Private schools don’t save taxpayers’ dollars

Education researchers from three Australian universities have crunched government numbers, and countered an oft-held belief in the process.

A new analysis of My School website data challenges long-held beliefs about school funding in Australia, including that non-government schools represent a big saving to taxpayers and therefore warrant public subsidies.

Education researchers from the University of Sydney, University of Wollongong and University of Canberra have collaborated with practitioners on new research which raises questions about the equity, efficiency and efficacy of Australia’s unusual hybrid system of schools, where students are educated in government, Catholic and independent sectors.

Their report, ’ The School Money-Go-Round: Balancing the claims about school funding’ , was released at national and international affairs and culture publication  Inside Story today.

Chief among the myths dispelled in the report is the belief that the existence of non-government schools in Australia represents a saving to taxpayers.

"The logic is that if privately educated children went to public schools, then taxpayers would spend a lot more than the subsidy private schools receive from state and federal governments," said report co-author Rachel Wilson , Associate Professor in Educational Assessment, research methods and evaluation at the University of Sydney’s School of Education and Social Work.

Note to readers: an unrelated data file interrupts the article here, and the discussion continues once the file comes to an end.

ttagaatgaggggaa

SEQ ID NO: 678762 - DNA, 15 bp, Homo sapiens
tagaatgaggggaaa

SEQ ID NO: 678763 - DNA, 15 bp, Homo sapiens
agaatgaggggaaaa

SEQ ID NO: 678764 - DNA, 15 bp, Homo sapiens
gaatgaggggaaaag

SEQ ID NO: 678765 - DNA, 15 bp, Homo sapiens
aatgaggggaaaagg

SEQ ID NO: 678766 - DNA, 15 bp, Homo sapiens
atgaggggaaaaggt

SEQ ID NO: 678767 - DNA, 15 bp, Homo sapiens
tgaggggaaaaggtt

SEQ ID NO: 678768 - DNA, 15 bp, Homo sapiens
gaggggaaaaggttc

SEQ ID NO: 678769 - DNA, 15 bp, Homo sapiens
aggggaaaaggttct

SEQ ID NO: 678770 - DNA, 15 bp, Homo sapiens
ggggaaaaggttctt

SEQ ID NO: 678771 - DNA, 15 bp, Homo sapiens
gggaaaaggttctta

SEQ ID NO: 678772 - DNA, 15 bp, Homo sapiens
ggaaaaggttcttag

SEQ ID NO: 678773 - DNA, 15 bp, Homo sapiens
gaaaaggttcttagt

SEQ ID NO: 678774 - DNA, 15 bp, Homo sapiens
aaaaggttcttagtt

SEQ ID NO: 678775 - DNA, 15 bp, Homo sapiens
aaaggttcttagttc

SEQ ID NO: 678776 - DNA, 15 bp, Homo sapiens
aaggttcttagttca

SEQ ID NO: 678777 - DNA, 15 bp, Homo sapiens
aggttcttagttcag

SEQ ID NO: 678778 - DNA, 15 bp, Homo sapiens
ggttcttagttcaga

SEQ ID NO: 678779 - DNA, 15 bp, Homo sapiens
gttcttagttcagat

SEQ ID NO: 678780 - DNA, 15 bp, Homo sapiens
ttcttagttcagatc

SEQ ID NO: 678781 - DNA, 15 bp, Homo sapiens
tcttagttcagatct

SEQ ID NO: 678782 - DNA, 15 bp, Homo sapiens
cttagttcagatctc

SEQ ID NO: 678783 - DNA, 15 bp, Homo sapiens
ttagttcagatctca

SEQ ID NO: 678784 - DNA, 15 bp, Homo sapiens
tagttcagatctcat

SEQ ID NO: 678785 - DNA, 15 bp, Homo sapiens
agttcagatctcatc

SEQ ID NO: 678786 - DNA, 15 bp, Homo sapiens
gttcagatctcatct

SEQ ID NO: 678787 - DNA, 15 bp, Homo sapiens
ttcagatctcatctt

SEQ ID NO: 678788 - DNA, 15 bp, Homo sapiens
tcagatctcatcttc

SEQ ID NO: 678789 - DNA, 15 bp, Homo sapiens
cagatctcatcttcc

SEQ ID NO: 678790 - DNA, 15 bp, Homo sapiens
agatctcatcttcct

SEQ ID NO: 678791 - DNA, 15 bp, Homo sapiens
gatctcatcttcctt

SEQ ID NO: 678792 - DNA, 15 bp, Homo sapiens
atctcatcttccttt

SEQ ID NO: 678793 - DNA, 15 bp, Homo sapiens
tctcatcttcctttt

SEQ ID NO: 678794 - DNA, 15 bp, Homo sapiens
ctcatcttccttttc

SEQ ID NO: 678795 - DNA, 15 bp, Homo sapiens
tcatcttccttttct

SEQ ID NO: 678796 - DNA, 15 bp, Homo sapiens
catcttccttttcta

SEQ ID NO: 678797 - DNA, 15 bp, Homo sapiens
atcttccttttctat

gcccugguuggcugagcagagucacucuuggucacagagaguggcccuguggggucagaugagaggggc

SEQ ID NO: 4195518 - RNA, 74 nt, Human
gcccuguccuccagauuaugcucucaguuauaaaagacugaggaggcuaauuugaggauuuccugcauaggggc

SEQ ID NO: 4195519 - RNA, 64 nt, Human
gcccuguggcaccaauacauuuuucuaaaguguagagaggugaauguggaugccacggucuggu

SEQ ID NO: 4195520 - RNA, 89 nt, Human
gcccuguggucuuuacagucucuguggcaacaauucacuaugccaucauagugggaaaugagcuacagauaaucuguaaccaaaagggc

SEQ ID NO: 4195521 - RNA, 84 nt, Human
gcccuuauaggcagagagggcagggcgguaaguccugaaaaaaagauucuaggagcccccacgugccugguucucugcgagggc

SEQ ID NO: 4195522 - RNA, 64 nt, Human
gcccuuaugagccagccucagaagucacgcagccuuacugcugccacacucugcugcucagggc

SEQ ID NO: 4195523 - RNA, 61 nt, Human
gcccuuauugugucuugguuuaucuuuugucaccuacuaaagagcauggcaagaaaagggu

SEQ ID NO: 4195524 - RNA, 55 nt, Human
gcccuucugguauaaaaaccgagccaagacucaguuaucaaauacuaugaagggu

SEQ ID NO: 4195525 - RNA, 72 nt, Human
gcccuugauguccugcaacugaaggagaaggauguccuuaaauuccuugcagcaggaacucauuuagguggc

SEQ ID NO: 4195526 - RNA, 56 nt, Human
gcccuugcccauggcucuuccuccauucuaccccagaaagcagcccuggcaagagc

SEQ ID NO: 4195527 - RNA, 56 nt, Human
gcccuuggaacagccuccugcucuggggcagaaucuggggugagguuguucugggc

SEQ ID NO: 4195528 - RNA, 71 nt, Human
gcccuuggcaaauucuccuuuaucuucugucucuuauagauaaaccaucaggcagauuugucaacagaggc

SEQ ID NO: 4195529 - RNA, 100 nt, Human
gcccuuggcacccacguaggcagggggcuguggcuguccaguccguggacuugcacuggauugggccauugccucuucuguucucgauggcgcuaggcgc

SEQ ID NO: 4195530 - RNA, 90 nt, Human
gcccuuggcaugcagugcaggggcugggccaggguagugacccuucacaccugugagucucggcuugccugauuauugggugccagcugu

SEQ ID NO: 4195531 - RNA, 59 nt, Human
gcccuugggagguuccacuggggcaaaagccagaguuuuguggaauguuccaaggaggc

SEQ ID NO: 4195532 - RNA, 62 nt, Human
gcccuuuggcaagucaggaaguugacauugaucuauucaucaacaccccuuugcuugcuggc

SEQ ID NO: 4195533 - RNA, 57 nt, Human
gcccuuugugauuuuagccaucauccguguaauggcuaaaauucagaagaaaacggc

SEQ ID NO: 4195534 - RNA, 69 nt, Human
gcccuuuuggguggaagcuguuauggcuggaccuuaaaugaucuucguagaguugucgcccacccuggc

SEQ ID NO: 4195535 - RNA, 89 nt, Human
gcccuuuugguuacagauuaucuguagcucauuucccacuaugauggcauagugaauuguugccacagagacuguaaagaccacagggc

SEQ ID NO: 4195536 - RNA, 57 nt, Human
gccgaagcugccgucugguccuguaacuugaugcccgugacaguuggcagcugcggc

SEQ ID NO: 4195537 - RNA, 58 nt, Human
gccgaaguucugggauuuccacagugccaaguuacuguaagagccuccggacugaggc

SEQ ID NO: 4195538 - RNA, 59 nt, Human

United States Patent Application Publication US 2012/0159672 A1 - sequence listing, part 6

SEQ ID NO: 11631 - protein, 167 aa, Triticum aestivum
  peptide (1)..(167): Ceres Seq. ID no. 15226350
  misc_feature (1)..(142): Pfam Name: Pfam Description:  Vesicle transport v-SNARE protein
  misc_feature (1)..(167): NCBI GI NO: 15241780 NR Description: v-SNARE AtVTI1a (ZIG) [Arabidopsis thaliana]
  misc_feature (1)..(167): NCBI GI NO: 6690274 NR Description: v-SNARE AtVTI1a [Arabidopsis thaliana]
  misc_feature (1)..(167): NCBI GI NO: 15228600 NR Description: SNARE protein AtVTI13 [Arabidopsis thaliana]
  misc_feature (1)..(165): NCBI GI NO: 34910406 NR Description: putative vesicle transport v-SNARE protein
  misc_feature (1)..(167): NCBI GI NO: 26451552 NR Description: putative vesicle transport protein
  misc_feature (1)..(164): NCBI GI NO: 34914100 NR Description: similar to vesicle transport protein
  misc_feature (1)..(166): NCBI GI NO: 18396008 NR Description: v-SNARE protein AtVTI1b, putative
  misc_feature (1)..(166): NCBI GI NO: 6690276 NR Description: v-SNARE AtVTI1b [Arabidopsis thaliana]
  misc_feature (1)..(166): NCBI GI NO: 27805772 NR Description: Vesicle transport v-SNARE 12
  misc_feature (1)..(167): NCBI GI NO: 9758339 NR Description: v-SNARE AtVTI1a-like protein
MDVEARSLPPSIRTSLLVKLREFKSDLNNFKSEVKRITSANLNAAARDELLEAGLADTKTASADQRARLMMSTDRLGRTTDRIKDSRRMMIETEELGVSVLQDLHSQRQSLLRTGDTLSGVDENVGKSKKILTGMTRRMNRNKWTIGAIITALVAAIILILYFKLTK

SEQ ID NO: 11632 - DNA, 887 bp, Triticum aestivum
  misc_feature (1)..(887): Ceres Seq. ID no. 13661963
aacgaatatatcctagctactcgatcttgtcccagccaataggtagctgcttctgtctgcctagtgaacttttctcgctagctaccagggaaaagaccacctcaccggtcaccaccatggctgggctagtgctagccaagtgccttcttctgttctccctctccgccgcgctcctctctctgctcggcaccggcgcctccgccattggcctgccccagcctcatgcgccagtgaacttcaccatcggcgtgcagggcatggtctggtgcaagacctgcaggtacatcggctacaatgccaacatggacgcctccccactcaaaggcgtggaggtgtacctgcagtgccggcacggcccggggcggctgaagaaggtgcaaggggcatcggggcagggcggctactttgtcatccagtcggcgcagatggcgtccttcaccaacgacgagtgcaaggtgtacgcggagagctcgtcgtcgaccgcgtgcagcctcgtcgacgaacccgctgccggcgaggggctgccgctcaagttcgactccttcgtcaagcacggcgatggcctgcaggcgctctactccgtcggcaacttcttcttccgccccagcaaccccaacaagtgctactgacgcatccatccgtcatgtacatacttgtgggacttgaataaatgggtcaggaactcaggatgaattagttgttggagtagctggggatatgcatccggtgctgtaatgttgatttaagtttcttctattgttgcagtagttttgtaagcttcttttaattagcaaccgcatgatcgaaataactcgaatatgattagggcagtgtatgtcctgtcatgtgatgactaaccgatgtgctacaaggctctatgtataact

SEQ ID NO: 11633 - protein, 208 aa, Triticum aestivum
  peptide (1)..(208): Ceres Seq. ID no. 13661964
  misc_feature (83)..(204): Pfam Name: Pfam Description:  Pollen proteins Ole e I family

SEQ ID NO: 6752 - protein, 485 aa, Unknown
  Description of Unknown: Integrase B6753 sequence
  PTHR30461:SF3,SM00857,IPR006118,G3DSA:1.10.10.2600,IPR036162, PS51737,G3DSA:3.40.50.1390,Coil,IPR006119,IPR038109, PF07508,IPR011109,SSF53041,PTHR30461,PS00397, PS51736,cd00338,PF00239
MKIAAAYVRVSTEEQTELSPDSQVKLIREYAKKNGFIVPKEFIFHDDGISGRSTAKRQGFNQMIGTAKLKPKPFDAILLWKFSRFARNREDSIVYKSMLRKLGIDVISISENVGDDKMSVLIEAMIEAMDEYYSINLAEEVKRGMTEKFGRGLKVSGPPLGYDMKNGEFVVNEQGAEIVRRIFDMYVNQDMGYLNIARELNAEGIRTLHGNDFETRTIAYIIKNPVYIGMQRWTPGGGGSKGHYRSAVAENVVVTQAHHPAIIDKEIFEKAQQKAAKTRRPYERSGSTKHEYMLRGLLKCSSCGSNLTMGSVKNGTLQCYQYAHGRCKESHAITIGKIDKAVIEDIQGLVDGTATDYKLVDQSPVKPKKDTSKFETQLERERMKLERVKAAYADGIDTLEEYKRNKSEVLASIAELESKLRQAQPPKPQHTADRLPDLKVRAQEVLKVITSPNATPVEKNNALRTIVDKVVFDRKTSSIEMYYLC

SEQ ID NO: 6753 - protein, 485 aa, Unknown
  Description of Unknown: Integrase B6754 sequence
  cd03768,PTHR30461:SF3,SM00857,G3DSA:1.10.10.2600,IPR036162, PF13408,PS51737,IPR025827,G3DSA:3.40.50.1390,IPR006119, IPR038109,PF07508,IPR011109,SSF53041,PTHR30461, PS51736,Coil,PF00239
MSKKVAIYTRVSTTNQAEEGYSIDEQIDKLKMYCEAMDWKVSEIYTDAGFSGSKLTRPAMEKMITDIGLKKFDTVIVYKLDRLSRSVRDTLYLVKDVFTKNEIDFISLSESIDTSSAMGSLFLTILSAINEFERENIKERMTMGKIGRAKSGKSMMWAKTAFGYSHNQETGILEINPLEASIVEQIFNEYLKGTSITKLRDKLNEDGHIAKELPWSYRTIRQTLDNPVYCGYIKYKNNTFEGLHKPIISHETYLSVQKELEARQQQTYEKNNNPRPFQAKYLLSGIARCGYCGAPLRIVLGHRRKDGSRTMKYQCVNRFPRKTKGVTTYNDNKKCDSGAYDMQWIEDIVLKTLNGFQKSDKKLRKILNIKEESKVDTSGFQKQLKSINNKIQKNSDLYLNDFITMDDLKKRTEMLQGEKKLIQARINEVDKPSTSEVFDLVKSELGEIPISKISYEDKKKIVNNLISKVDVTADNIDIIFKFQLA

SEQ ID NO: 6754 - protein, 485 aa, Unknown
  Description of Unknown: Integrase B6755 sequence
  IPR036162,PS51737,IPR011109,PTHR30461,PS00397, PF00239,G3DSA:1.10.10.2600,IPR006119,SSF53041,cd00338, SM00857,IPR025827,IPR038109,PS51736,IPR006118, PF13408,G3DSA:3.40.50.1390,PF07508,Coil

"Some have claimed that saving to be anything up to $8 billion in recurrent funding each year.

"But our analysis of the My School funding data shows that, at least in the case of two-thirds of non-government schools, government funding produces no savings at all."

The researchers said this is because non-government schools are now funded at the same or higher level as similar public schools.

"We now have, at the very least, two equivalently-funded school systems - with one of them substantially advantaged by additional and unregulated private funding, while enjoying a lesser set of rules and obligations," Dr Wilson said.  

In fact, governments would have come out ahead if all new school enrolments since 2011 had gone to public schools, Dr Wilson said.

"To do that would have involved capital expenditure, of course, but even the capital savings created by competing school sectors are less than a third of the amounts frequently claimed," she said.

The report also explores:

  • How a partially subsidised choice of schools has become, in two thirds of schools, a fully subsidised choice - and a dominant policy driver
  • The educational, equity and social consequences of this approach
  • Whether the obligations and expectations of government and non-government schools should be more similar

"Australia will always have both government and non-government schools - they provide an element of choice and diversity. But it is important to reassess what we have created and fully understand and debate the costs and benefits of our current framework of schools," Dr Wilson said.


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